• Occurrence of side effects of possibly unnecessary therapy
  • Increase in acid production in the stomach if the medication is taken when the acid level is not increased (rebound effect)
  • In order to alleviate the existing symptoms, longer and / or higher dose medication intake may be necessary, so that no decisive statement can be made from the failure of the therapy to be successful

An objective method for mapping the degree of acidity is pH-metry. This is often done as a long-term measurement for the stomach and esophagus. To do this, a thin tube with measuring contacts is pushed over the nose and into the stomach. Correct positioning is ensured in an indirect way.

A measurement in the stomach and esophagus is, however, only partially suitable for diagnosing EERD, as the mucous membrane of the throat and larynx is less resistant to acid than in the deeper sections of the food pathway. Thus, a degree of acidity that does not damage the esophagus, for example, can lead to chronic throat and larynx inflammation. This would also be the reason for the lack of heartburn. In addition, the acid concentration between the esophagus and throat is normally not completely balanced, so that a conspicuous measurement in the esophagus does not allow a clear statement for the throat.

For the reasons mentioned, pH-metry is viewed in international literature as the gold standard for diagnosing EERD, provided that the measurement is made specifically in the affected areas, usually in the throat. As with the diagnosis of the larynx, the correct position is checked with an endoscope.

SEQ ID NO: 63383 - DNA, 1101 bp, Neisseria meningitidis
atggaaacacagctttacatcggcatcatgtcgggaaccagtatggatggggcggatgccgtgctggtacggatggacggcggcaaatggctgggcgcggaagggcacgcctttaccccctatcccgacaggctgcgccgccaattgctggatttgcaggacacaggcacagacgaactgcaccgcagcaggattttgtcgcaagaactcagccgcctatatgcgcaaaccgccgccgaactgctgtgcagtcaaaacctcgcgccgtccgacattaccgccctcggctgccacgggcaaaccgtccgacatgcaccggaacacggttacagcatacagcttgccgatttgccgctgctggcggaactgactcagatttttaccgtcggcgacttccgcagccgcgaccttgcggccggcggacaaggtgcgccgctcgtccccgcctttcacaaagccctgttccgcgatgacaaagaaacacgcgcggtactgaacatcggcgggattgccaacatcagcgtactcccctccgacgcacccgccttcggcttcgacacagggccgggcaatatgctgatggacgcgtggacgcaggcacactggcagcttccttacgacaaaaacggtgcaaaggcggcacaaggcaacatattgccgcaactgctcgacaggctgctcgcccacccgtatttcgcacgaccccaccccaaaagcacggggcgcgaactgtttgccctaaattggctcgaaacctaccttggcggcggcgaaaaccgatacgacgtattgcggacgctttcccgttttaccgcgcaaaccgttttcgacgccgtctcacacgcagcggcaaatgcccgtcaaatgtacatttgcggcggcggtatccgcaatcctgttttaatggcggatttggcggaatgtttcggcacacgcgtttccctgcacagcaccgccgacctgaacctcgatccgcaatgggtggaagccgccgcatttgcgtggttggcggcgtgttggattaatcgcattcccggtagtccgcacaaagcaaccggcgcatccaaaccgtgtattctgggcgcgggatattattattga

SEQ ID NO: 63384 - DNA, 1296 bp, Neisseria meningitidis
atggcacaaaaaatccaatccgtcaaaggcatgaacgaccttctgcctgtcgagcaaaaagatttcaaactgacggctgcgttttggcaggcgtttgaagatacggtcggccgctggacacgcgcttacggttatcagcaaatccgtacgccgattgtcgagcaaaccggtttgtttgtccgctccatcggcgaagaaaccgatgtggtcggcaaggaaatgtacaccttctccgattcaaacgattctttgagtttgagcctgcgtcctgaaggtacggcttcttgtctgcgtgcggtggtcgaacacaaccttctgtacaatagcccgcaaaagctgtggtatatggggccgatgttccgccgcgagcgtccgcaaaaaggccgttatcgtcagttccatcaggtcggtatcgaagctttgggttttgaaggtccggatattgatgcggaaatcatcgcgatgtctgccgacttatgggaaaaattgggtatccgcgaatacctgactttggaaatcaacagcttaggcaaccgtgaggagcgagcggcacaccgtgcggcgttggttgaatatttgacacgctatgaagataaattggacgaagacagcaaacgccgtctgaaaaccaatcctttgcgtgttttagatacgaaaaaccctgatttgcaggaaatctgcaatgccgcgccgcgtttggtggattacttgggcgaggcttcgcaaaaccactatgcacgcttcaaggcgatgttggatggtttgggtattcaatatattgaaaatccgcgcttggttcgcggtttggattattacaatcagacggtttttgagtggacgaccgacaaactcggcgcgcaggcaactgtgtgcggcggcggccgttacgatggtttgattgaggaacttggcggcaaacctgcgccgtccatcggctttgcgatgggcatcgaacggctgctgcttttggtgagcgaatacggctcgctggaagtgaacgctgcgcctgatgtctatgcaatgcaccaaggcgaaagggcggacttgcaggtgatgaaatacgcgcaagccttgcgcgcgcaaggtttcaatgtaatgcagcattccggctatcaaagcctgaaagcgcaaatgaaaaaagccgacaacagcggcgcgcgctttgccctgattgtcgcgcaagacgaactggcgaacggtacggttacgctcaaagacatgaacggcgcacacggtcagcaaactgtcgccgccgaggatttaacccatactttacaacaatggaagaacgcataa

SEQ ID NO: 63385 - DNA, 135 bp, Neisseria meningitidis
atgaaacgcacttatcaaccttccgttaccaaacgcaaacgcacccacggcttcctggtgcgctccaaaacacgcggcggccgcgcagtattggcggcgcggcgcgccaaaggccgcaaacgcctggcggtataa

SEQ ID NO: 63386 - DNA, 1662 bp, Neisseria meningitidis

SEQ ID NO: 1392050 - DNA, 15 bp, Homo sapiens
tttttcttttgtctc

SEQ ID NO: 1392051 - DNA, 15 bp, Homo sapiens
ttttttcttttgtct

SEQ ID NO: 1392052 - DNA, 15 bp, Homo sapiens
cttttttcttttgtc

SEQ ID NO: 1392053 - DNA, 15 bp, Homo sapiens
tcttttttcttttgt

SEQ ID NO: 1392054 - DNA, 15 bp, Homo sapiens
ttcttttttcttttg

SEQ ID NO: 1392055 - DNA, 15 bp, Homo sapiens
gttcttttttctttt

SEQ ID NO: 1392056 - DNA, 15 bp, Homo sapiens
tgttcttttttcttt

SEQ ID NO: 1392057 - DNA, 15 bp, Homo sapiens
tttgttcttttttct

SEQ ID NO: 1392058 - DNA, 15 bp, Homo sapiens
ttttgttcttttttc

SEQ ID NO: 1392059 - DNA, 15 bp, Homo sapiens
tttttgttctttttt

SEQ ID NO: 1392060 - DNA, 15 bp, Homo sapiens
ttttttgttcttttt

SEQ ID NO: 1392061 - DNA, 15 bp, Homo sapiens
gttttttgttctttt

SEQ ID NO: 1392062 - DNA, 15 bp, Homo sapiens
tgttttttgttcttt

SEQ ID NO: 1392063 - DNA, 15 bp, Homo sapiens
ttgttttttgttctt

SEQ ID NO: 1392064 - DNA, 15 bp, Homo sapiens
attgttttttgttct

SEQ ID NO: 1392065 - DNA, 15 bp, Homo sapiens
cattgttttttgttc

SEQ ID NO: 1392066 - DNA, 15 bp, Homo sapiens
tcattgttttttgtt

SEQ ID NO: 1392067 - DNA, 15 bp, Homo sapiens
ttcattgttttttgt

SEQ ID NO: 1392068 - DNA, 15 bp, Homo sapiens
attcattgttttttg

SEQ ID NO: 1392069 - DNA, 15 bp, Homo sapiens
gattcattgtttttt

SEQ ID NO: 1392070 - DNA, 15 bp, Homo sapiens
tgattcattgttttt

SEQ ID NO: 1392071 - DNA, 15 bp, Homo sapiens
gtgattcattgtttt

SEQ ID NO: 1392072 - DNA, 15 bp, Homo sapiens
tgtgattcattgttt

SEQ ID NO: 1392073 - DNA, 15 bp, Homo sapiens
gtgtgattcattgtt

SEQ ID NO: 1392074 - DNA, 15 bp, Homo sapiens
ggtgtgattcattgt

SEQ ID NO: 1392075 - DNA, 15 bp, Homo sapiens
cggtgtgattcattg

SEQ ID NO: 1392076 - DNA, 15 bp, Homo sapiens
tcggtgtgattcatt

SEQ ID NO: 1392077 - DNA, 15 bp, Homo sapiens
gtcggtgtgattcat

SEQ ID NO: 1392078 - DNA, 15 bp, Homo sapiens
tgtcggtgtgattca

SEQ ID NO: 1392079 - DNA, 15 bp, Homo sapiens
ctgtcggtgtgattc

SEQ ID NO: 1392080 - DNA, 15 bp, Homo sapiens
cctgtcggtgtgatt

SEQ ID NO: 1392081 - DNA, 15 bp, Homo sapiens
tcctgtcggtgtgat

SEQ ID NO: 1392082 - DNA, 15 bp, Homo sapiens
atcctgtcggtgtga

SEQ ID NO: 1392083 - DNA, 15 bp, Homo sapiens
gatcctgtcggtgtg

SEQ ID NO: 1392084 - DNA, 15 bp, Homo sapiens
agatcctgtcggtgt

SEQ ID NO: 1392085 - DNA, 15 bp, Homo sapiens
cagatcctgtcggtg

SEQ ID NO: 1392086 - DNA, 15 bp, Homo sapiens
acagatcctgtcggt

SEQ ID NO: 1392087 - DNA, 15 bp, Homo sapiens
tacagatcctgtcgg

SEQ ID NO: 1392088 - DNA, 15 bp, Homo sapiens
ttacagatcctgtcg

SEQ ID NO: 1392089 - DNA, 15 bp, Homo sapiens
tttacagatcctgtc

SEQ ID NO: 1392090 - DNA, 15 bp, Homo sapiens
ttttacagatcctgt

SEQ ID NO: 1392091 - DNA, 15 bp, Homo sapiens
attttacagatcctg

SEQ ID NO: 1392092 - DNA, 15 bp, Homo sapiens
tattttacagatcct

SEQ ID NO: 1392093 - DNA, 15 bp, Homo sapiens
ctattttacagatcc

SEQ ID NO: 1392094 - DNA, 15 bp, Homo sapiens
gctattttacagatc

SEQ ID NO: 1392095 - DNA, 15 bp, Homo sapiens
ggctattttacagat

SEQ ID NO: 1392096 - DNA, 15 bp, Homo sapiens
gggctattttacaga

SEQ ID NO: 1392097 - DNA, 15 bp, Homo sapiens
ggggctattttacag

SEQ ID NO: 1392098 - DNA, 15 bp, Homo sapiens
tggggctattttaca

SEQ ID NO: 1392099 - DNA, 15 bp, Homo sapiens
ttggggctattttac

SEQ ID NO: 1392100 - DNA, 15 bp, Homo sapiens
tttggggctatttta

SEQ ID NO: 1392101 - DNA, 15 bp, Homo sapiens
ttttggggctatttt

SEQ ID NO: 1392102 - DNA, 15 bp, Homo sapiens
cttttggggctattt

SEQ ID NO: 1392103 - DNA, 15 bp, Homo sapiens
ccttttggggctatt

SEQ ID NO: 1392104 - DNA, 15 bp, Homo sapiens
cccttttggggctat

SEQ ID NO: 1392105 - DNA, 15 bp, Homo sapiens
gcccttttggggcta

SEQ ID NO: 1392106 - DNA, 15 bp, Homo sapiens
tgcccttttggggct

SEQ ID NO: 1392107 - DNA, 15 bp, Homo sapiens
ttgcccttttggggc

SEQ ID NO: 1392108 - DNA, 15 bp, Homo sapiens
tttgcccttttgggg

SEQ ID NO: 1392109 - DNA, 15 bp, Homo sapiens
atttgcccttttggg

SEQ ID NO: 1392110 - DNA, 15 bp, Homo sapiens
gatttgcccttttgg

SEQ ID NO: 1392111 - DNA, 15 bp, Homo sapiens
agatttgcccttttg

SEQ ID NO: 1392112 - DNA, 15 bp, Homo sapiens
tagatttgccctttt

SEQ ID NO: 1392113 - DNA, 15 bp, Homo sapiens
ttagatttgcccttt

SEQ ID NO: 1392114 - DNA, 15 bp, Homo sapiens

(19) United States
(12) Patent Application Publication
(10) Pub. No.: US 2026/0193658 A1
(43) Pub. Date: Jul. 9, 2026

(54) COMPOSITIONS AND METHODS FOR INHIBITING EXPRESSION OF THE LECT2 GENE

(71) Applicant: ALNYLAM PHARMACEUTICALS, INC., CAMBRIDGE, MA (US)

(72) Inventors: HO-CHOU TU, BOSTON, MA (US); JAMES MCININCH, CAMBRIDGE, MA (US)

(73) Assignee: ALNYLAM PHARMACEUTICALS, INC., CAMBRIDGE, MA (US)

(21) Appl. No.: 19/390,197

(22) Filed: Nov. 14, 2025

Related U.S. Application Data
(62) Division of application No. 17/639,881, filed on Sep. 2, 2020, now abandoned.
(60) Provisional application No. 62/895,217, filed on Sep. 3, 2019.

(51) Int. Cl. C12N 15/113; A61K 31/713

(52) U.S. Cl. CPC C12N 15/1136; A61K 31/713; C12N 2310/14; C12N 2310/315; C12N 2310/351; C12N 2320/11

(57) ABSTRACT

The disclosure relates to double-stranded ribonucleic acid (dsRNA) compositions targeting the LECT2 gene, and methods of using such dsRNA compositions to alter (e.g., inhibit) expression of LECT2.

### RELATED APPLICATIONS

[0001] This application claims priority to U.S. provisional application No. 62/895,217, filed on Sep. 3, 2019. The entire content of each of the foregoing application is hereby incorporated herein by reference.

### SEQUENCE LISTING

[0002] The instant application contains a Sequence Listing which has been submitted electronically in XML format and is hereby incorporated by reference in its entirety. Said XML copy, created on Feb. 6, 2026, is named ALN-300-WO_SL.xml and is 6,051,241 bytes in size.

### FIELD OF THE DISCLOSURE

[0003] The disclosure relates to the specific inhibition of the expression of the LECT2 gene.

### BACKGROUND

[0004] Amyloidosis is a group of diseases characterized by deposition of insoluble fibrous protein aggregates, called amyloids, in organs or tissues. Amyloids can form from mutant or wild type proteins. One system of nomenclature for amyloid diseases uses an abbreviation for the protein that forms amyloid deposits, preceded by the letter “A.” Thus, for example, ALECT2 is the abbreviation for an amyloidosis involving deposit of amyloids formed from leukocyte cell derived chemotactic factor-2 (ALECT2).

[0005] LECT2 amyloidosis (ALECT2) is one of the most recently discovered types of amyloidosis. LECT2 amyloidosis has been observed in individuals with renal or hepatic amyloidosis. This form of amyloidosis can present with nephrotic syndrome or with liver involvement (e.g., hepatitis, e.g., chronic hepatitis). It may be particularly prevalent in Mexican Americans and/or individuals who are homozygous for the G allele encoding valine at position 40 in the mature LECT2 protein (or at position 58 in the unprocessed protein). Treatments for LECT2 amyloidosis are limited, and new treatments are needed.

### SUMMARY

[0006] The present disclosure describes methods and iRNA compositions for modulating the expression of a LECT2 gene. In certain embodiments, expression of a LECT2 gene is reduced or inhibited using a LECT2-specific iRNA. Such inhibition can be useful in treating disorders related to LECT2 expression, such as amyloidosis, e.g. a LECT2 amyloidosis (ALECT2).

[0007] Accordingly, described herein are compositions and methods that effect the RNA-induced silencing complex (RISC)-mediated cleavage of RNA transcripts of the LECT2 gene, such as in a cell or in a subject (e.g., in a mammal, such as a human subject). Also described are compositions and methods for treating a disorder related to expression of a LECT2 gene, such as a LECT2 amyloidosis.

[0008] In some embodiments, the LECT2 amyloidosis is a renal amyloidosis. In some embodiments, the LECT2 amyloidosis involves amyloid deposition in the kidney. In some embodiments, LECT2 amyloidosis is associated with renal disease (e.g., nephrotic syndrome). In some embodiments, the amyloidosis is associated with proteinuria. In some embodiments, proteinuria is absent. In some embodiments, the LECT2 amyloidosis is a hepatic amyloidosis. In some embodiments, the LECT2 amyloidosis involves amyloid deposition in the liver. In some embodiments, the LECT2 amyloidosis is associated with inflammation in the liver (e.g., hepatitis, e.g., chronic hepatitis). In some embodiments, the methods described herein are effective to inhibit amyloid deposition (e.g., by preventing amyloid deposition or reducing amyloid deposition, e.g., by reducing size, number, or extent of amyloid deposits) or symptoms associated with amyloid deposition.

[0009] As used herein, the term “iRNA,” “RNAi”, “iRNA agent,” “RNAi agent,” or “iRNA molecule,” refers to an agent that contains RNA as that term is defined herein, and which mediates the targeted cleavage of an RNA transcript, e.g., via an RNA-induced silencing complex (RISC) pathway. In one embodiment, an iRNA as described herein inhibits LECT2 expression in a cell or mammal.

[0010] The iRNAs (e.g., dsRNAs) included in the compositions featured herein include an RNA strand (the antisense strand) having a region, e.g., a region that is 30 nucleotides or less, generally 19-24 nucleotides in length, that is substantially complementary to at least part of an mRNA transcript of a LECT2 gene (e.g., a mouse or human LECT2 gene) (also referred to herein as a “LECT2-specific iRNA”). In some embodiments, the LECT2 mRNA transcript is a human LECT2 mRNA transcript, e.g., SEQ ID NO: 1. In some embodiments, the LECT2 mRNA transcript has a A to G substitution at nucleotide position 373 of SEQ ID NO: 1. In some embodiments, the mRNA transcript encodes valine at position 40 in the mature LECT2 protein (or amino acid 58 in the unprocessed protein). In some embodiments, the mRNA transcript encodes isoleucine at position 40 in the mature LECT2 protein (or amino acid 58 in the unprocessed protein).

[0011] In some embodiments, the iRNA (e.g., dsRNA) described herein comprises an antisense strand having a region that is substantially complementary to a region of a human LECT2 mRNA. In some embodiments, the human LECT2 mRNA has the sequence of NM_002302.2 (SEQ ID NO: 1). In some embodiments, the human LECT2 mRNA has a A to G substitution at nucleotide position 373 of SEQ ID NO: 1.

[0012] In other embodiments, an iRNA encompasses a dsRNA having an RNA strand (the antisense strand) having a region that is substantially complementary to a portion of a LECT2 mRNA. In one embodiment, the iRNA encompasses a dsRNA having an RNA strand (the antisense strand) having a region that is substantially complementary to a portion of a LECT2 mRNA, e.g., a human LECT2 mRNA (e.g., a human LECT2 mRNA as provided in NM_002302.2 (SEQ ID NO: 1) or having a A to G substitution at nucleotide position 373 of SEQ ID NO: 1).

Gastroscopy, radiological procedures including the X-ray swallow examination, pressure measurements in the esophagus (esophageal manometry) and the detection of bile in the esophagus (bilirubin test) are further, mostly supplementary measures after confirmation or exclusion of an EERD.

The basis of reflux therapy is to avoid harmful eating habits. The following dietary measures are recommended to reduce excessive acid build-up in the stomach:

  • no hot spices
  • no food that is too hot or too greasy
  • no acidic food and drinks
  • no meals after 6 p.m.
  • no sweets, especially chocolate
  • no coffee, possibly black tea as well
  • nothing grilled, fried or toasted
  • Alcohol and nicotine abstinence
  • lots of smaller meals
  • Tilting the lying surface - the headboard of the bed should be raised about 10 cm

If the above measures do not improve, drug therapy is carried out with the aim of neutralizing stomach acid or reducing acid production. As already mentioned, the drugs can also be used in the context of the diagnosis. Since it can sometimes take up to 6 months for adequate therapy to be successful and, for example, with PPIs, the dose can be increased up to 4 times the initial dose, an objective diagnostic instrument is helpful for therapy control. Here, too, pH metry can be used.

If conservative therapy is unsuccessful, but also if there are corresponding findings from further diagnostics (e.g. diaphragmatic hernias, protrusions of the esophagus), surgical therapy should also be considered. The chances of success of an operation in people who do not respond to tablet therapy, for example, are judged controversially in the literature. The justification for such treatment should therefore be checked individually for each affected person.